‘I’ve been grieving a loss. A loss I instigated. I decided to divorce my HR team’ says the famous HR blogger of Fistful of Talent.
Did you know research shows the average time it takes to get over a divorce is 17 months, 26 days. I’ve heard other accounts of up to 3 years which is about what I experienced after my first marriage. I’ve found this to be the case in my HR world too. Let me explain….
Two and a half years ago I was fortunate enough to land my first executive HR job. As I interviewed I had a predetermined vision of what the role would entail: networking with other HR execs, sharing best practices with national thought leaders, seeing the organization through growth and profitability, creating innovative HR engagement practices, and presenting ideas to local groups via speaking engagements.
Oh, and I can’t forget all that “sitting at the table” jazz including partnering with others on product development, corporate budgets and sales strategies. Pretty sexy stuff. The stuff I dreamed of years ago as an HR Administrative Assistant.
In a blink of an eye 2 years had passed and something was missing. I was involved in several of these things, but found myself discontent. Frankly didn’t know why. Was I failing? No, my team helped facilitate 177% headcount growth during my tenure. Did my boss think I was failing? Shoot, I don’t think so; at least I hadn’t been told that. Then why did I feel like a failure?
Because I was too “married” to my team. And I didn’t know when it was time to let go.
What do I mean? I fell victim to being lost with competing goals. In a smaller company, executives still have a good amount of day-to-day interaction with their team members. Frankly, my role did entail a good portion of this. But as companies grow, if you want to instigate true transformation, you must… I mean must step away. I felt like a failure because I defaulted to the skills I learned in past jobs, to what I knew best, to what was safe: how to transform teams. But I took the job because I wanted to transform companies.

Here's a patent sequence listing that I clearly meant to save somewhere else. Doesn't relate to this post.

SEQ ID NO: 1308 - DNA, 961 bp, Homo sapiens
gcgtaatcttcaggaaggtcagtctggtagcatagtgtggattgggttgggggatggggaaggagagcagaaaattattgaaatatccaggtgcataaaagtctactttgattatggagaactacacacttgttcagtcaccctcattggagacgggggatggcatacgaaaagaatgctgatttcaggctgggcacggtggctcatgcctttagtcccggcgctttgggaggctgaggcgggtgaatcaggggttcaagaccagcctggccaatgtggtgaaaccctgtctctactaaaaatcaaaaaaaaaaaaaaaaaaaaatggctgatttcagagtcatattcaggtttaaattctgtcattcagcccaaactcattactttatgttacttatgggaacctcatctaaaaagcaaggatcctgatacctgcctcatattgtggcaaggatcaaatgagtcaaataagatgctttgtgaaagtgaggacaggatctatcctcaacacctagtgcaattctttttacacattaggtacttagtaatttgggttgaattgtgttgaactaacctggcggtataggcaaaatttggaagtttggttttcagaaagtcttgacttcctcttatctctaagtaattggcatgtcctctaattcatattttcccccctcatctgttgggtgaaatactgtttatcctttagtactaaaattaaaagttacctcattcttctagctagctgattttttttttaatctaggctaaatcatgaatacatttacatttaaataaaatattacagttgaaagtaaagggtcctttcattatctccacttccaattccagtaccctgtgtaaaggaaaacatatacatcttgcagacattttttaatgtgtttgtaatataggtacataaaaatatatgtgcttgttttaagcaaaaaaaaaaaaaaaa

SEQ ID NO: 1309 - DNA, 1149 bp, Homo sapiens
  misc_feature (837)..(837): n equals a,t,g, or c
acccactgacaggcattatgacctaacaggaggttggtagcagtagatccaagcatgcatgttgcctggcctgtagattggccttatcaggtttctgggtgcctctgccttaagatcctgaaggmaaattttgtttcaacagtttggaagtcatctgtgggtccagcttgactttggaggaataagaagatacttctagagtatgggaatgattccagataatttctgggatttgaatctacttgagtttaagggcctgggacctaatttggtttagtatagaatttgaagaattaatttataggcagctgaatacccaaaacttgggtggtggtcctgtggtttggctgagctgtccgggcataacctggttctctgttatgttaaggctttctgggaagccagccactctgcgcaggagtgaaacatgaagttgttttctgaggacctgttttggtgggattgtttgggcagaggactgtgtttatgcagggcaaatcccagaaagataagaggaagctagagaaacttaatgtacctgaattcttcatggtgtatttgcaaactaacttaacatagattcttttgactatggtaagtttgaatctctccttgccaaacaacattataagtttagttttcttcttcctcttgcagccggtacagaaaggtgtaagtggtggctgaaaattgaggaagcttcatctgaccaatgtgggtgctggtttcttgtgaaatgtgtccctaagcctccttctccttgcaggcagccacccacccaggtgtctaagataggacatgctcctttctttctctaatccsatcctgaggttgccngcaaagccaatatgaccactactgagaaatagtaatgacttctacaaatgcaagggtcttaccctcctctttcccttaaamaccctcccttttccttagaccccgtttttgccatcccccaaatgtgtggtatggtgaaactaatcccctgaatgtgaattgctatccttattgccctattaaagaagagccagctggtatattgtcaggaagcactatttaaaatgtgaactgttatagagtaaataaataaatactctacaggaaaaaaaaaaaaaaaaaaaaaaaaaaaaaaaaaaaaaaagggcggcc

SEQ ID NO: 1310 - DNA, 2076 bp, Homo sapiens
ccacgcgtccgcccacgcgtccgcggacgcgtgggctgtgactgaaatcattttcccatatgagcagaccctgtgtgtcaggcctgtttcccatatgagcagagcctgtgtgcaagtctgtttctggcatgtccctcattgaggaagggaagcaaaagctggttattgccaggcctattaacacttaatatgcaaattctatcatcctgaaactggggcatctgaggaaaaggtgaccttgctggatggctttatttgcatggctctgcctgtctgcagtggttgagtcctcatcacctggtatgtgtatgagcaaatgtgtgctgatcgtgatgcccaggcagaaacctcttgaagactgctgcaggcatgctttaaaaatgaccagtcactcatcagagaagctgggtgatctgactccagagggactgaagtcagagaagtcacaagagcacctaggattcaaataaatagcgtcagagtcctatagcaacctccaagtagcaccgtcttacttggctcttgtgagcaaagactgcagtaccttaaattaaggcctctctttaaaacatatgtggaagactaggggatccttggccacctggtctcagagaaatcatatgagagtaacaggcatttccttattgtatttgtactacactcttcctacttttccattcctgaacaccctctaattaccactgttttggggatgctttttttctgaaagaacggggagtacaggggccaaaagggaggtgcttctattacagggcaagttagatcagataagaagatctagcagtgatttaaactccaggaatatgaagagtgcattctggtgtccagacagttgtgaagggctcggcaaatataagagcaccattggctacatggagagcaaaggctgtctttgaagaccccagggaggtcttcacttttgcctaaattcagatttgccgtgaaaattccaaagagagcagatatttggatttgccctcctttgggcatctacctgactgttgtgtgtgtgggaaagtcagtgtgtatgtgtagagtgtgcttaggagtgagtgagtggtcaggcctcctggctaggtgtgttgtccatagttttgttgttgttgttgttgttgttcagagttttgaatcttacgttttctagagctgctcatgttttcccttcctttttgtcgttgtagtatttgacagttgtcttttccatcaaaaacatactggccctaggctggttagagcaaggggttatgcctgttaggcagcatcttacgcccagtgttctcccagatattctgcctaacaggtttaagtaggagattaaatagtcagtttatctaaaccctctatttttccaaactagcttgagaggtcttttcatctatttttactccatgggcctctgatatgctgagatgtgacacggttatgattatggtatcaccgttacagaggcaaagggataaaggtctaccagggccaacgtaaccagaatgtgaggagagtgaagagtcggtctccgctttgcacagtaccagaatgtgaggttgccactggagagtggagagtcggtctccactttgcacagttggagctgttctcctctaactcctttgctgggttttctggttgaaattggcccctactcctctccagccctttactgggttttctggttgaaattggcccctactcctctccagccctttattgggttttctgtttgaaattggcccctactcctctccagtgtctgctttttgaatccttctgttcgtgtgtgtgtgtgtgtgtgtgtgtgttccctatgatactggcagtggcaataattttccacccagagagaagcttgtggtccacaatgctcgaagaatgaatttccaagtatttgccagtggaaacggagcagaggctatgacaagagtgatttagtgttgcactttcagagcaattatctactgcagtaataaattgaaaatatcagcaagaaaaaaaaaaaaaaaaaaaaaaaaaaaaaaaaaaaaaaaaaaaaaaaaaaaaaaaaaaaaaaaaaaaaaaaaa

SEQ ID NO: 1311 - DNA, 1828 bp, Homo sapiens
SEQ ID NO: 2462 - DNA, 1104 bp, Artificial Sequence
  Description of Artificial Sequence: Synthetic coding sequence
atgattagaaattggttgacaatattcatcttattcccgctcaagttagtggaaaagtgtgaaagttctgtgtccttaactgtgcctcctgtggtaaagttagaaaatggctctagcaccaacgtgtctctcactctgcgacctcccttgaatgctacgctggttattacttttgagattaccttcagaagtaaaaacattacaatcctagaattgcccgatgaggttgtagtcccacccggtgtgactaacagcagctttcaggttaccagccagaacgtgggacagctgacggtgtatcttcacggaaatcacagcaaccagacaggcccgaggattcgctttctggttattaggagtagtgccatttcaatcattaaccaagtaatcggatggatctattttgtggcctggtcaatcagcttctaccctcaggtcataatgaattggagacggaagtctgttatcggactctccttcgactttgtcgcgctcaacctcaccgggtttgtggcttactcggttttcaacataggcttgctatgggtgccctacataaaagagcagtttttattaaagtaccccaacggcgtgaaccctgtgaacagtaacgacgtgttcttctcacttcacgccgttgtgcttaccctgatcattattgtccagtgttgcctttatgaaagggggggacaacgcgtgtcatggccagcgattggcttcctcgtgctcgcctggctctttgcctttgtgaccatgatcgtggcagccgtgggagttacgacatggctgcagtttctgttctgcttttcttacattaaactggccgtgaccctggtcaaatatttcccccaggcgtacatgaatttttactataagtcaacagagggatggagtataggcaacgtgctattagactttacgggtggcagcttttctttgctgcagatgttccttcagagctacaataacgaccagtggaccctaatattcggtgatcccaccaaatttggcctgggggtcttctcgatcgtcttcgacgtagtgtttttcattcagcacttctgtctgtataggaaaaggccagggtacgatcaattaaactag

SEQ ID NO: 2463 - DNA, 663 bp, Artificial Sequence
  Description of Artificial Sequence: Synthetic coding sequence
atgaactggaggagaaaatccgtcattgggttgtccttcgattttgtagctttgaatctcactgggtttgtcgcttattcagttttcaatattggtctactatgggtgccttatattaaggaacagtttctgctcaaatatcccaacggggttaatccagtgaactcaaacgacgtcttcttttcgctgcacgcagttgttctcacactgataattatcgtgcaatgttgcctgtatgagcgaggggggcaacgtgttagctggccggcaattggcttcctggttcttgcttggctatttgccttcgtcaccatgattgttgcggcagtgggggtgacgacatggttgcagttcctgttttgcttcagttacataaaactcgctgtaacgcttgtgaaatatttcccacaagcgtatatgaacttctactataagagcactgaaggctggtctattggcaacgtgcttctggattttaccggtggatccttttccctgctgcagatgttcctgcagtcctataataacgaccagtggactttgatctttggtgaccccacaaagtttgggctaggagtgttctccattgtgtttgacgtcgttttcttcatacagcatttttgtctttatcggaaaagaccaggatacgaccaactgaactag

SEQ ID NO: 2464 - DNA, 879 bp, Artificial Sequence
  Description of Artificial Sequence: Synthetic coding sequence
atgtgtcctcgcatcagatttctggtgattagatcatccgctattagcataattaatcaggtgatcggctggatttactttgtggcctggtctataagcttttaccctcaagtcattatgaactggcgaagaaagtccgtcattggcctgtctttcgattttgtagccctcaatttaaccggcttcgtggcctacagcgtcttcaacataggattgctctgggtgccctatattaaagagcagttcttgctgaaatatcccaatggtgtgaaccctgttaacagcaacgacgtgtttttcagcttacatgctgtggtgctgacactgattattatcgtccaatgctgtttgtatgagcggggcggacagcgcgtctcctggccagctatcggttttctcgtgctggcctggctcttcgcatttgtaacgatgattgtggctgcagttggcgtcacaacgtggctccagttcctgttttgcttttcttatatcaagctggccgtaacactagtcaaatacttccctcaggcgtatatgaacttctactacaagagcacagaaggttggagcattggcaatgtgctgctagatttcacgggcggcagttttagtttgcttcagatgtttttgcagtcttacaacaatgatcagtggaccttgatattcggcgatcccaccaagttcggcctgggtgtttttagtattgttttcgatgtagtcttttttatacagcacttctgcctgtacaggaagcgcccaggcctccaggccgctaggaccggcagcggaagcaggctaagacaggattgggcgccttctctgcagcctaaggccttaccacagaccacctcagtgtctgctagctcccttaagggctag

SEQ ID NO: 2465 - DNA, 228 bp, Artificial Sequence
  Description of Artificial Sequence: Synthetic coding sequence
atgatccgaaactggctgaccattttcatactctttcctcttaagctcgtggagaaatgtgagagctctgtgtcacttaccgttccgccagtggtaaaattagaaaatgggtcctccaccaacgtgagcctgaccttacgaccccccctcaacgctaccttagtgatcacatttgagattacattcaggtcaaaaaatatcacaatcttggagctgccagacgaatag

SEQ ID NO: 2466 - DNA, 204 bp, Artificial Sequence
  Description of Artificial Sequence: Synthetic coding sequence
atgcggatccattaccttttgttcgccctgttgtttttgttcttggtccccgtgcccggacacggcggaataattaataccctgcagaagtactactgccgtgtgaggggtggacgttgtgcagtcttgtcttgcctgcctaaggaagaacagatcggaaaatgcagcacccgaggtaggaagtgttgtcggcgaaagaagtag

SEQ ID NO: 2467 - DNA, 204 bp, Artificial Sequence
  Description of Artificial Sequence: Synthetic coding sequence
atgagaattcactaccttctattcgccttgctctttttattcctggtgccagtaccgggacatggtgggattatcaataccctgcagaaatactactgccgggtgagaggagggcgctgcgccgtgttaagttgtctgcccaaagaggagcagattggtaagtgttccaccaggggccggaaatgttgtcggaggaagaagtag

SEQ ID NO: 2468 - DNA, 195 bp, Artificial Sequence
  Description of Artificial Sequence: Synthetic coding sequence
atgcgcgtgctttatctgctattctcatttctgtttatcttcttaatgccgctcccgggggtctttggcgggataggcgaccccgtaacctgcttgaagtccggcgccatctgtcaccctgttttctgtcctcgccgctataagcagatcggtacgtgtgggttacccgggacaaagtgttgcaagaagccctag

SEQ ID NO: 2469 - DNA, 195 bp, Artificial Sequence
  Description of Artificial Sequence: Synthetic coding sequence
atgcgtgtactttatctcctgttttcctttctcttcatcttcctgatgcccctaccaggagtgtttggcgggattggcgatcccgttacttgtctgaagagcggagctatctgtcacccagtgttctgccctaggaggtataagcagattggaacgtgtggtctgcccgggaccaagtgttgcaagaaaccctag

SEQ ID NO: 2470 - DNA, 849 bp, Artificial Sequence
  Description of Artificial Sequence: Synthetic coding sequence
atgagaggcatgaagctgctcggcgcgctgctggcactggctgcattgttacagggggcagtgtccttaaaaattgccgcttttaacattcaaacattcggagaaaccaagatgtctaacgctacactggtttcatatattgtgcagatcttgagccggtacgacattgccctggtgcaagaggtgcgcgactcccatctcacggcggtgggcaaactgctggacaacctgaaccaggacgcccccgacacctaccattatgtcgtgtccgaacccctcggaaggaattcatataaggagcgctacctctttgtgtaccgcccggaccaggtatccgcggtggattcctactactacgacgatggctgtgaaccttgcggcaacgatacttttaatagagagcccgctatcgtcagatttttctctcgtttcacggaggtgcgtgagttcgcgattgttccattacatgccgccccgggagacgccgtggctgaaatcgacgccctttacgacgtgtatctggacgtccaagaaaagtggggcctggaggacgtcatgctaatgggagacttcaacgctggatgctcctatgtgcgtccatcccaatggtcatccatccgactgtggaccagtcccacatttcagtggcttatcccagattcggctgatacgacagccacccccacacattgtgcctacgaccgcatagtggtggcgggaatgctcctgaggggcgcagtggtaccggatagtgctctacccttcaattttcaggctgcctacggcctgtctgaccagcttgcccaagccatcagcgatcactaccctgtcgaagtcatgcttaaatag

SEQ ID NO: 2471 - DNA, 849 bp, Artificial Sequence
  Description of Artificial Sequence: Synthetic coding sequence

Some lessons learned:
– Know your purpose: Are you there to transform your team or your company? Both are noble. And you do need to have your team on par before you can do the latter.
– Divorce your team sooner than later (once your team is on par): If you want to transform most companies (very small ones perhaps excluded), you have to get away from day-to-day. Period. Many of you will say “I don’t have the resources to do that”. Find the resources or you will stall. See next bullet-point two.
– Identify an HR manager/director asap. If company needs demand you spend time in the trenches, spend a majority of time developing this role.
– Don’t underestimate how much time it may take to learn the business: To be effective you don’t have to know all details of product pricing models, but speaking the corporate language is huge. It is hard. It will take twice as long as you think.
– Divorce is more frightening than you imagine. I’ve done some grieving; I miss the comfort of team management. The sooner you face this reality the sooner you can get through the discomfort.
– Enjoy your bliss. Once through this you will enjoy double bliss. I find great joy in seeing my new HR manager flourish. I find great bliss focusing on one purpose instead of two.